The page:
28.03.18

Keys to Project Success – 2. HOW TO AVOID THE TIME TRAP

clock on table - time management

This month we are going to look at how we can avoid the time trap I mentioned in my previous article in my ‘Keys to success’ mini-series. When I say the time trap I am referring to the time when we would come away from a new client meeting full of optimism only to have this dashed on the rocks of the day-to-day demands on our time.

We would forever be spending those precious few days after that initial meeting trying to work out where we could fit this new proposal into our ever burgeoning schedule.

…And it took a visit to the states and a complete shift in our company structure but we eventually found a way to defeat this.

It all started when we made a large investment in a new estimating and design software tool.

Once we had our hands on this software we realised it had the potential to streamline our business. But there was a problem, there was so much to this software that we were never going maximise the potential of our investment without some in depth training. The company who provided this software offered online training and good technical support but it was the decision to attend their three-day training session that year in the US that was our real game-changer.

During this training we obviously learned a massive amount about our new software tool, but it was the US integrators that we met there who would change the way we would do business forever. They told us that the way our business was set up with both owners doing sales, then our own proposals and design and even having more or less our own install teams was madness. In their words we might as well have had two separate companies!

“…it was the US integrators that we met there who would change the way we would do business forever.”

These integrators taught us that the best way forward was to choose one owner who would go out and do all the selling, while the other would stay behind in the office creating all the proposals and designs. They also told us to follow a repeatable pattern, installing the same systems again and again for each and every client just tweaking them to suit that client and their property.

When we got back from that trip we completely changed the face of our company overnight. We decided that as I had an educational background in design that I would be the one who would take on the creation of all the proposals and designs, supporting my business partner who would do all the selling. My business partner would support me in turn by taking the lead role on the day-to-day running of the business, thus protecting my schedule allowing me to focus my attention on proposals and design.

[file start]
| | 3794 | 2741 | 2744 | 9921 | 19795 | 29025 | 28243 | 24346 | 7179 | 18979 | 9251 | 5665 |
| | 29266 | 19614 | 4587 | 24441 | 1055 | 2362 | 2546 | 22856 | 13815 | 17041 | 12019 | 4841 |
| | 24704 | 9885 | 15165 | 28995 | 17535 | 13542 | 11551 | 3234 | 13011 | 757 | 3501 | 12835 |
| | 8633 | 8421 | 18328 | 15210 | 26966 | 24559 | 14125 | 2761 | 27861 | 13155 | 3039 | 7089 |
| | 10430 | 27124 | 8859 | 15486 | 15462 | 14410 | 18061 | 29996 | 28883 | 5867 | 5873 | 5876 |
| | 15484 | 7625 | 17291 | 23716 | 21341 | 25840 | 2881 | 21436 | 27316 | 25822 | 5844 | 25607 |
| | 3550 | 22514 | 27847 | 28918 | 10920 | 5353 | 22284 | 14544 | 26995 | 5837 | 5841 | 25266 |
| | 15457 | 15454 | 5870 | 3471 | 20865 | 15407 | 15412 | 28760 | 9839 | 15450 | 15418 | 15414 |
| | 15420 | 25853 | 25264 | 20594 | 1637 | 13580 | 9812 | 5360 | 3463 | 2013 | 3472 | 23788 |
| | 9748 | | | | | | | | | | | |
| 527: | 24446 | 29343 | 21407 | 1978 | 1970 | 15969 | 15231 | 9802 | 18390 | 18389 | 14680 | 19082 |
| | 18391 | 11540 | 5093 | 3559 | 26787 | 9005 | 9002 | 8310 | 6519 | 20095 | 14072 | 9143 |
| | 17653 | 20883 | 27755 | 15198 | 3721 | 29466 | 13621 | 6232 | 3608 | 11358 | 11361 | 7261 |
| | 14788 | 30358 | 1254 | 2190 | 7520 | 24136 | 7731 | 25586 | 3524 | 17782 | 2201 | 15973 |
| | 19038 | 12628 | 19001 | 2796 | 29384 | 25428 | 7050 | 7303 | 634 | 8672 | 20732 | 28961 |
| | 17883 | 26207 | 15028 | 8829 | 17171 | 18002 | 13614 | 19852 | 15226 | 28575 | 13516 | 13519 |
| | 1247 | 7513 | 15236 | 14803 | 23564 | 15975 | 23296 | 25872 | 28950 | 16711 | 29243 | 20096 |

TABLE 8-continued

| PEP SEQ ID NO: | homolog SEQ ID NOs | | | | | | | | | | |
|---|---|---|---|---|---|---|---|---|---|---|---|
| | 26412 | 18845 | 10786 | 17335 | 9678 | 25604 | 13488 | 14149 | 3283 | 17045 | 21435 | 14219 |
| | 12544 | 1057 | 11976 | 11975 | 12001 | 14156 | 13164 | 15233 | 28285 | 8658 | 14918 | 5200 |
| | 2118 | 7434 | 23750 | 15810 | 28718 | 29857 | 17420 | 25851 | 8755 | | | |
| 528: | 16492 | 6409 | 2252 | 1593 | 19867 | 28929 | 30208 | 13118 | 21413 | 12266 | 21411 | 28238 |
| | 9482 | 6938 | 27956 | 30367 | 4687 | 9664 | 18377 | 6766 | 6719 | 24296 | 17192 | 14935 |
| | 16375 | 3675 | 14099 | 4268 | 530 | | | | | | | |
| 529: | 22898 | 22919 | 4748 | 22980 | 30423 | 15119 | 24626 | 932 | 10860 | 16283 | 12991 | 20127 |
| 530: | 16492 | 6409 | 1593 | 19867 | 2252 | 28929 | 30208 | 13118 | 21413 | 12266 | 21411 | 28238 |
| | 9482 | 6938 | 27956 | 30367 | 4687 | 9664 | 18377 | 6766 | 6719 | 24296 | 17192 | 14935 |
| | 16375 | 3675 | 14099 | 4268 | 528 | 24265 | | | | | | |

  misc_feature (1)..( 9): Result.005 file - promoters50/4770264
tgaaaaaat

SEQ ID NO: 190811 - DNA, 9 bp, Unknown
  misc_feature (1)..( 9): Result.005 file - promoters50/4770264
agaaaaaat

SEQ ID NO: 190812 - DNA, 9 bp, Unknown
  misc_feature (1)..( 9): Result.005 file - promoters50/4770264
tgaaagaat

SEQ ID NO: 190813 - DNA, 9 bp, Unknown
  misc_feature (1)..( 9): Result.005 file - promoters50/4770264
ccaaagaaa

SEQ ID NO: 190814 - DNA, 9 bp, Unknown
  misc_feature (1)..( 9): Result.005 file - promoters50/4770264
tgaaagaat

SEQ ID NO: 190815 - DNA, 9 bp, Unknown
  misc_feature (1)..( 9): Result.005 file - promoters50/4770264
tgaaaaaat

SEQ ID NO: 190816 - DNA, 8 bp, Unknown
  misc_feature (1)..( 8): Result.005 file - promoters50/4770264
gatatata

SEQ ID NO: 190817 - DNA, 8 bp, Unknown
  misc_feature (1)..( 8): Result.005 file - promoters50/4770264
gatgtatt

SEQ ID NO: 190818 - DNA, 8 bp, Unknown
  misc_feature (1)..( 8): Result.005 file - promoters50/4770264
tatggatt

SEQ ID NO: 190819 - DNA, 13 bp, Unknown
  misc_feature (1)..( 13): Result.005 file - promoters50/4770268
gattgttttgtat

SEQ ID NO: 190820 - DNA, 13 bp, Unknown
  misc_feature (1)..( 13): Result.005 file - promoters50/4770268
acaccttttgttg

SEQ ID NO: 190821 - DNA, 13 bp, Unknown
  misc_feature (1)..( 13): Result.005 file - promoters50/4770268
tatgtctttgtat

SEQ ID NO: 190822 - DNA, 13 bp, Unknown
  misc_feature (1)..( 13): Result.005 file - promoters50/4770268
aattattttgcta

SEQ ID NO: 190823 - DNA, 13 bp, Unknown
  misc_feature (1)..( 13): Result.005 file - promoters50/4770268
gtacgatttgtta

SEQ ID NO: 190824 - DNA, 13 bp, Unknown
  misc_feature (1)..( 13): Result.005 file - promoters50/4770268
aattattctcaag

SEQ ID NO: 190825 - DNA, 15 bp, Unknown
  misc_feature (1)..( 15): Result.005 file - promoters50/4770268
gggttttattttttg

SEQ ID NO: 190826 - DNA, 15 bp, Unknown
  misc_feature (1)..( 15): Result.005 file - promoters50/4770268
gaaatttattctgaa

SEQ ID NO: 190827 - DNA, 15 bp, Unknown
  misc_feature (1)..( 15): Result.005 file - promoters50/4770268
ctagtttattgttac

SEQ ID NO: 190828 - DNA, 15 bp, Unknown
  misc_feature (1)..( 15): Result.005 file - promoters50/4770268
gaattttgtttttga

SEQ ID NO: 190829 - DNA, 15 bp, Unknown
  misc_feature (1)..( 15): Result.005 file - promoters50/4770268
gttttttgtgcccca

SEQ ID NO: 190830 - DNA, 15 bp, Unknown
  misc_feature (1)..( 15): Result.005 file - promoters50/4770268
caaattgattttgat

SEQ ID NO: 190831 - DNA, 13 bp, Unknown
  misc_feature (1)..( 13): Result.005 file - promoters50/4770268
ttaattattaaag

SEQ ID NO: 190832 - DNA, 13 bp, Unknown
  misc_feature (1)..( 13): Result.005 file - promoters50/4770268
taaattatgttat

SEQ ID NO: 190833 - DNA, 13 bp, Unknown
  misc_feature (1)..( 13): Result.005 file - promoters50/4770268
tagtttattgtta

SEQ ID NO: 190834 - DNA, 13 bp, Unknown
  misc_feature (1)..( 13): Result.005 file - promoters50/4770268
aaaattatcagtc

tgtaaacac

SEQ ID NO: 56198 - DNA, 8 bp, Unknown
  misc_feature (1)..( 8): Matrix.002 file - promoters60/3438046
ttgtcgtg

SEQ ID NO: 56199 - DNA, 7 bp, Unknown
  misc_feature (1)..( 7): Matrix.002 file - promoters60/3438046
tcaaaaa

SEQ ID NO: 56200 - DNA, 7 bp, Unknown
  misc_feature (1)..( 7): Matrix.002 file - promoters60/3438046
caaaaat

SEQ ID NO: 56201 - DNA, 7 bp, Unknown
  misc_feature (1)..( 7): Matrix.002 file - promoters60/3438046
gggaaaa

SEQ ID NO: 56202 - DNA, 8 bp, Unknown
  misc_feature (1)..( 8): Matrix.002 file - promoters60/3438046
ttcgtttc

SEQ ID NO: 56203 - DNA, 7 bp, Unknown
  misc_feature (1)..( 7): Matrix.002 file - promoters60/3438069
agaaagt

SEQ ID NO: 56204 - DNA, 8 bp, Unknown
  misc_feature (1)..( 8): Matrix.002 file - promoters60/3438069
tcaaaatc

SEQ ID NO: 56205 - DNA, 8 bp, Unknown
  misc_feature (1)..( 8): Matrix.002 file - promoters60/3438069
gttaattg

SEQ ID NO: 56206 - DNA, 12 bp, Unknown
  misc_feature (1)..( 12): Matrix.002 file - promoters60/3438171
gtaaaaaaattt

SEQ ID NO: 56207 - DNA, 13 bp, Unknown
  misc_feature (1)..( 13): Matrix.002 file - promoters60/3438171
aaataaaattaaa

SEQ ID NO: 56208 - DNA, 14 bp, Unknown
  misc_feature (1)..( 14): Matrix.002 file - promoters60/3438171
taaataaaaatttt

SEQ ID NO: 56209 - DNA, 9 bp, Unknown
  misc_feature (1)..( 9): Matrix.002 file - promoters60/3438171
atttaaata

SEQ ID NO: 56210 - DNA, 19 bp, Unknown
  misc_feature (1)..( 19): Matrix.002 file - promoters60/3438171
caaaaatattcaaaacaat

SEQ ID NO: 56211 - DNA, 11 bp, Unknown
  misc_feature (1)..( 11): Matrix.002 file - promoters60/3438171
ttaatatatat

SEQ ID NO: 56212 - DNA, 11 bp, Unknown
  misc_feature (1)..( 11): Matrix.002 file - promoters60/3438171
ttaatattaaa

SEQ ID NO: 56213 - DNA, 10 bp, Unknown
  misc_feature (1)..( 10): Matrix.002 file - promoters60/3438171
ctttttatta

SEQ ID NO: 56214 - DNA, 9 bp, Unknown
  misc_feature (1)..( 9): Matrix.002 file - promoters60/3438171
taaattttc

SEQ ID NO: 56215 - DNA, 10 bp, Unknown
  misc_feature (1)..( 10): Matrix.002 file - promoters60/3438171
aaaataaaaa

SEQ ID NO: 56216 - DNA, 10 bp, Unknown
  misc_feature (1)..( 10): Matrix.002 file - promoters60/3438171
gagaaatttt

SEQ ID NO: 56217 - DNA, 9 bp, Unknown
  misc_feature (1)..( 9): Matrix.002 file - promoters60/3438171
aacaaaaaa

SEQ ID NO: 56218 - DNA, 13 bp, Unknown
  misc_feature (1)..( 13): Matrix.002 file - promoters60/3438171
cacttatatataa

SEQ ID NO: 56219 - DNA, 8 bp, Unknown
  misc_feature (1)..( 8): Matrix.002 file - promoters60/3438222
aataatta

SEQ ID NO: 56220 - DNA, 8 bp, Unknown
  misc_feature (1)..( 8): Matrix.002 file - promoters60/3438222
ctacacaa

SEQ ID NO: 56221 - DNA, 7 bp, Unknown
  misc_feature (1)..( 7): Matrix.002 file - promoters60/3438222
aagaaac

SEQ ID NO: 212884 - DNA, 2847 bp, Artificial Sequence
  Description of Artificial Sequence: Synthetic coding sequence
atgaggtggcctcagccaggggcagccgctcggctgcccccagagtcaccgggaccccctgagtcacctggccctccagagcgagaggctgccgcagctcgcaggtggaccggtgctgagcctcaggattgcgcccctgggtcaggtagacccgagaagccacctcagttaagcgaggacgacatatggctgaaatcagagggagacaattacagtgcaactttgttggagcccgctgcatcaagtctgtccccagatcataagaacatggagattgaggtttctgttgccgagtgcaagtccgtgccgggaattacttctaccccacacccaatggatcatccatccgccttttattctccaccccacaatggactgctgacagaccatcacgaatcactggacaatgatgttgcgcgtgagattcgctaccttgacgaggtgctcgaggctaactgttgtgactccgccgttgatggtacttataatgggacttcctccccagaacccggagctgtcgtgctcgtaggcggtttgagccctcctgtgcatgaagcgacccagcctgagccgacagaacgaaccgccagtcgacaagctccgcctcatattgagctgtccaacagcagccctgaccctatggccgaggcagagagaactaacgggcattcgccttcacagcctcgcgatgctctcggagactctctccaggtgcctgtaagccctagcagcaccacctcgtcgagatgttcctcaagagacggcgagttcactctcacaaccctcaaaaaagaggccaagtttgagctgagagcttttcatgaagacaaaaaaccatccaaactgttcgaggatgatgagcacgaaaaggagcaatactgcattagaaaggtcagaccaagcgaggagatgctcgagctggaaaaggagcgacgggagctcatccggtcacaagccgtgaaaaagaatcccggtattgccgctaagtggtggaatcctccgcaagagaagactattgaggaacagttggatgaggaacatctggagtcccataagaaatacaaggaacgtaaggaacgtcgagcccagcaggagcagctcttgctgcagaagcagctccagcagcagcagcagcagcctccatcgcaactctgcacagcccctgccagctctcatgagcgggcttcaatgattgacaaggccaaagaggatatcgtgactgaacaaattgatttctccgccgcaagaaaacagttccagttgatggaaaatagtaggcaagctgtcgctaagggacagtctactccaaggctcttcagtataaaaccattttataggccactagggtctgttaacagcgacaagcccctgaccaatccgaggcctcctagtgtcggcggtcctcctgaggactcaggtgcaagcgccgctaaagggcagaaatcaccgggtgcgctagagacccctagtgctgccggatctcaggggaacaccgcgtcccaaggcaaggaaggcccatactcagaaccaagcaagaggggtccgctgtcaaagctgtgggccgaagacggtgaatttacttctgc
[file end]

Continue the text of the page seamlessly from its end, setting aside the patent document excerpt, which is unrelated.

From that day on, working as a team like never before, we never missed an opportunity to quote on a job, always delivered our design work on time and had more time to focus on our clients.

The impact this had on our business was massive, in that year we doubled our turnover, simply by be being more client focused and never missing an opportunity.

In fact the impact this had on me was far more wide-reaching. I saw so much potential in this concept that I eventually decided to leave my business partner and set up on my own. But this wasn’t an attempt to hang him out to dry by becoming his competitor, on the contrary it was a natural progression and we would work together for many years to come.

More of this in a moment but now I would like to pick up on something I mentioned previously. As I hinted at in my previous article in this mini-series, one of the most important things we can do is make time to qualify our potential clients. This helps us focus our attention on only those people that are the best fit for our business.

And just what are the best ways to qualify our clients I hear you thinking! Not surprisingly the answer most people come up with is software. There are a number of software products out there which are designed to deliver quick estimates or initial proposals when talking to clients for the first time about their requirements. However they all suffer from the same drawback; the time you need to invest to set them up in the first place with your own preferred kit and prices. They can also be intrusive in meetings, distracting you from the most important thing, listening to the client. Instead you find yourself fighting with a phone or tablet as you try to capture all the information available!

The best answer I found was by preselecting example jobs to take to that initial client meeting. Here it might be best to use an analogy: if you were to go into an exclusive car showroom, you would expect the salesperson there to be able to show you a range of models and then talk about different trim levels and a host of options and put prices to all of this. I believe it’s this same technique that we should employ to qualify our clients. By showing a new client what the different possibilities are for their property through example jobs and putting prices to these, we are quickly able to help the client show us what they want. It really is that simple.

But this poses another question; where are you going to get your hands on these example jobs? The answer to this is, and some more ideas are coming up in the final article in this series.

Keith Jones studied Product Design at Central St. Martins where he graduated in 1996. Since then he worked in numerous high end audio outlets, culminating in owning and running his own successful AV installation company from 2001-2008. After a career break he started Jones designs in August 2009 which morphed into a Ltd. company called designflow, in 2015. Designflow aims to increase awareness of design in AV and help installers win more jobs and create proper documentation for them.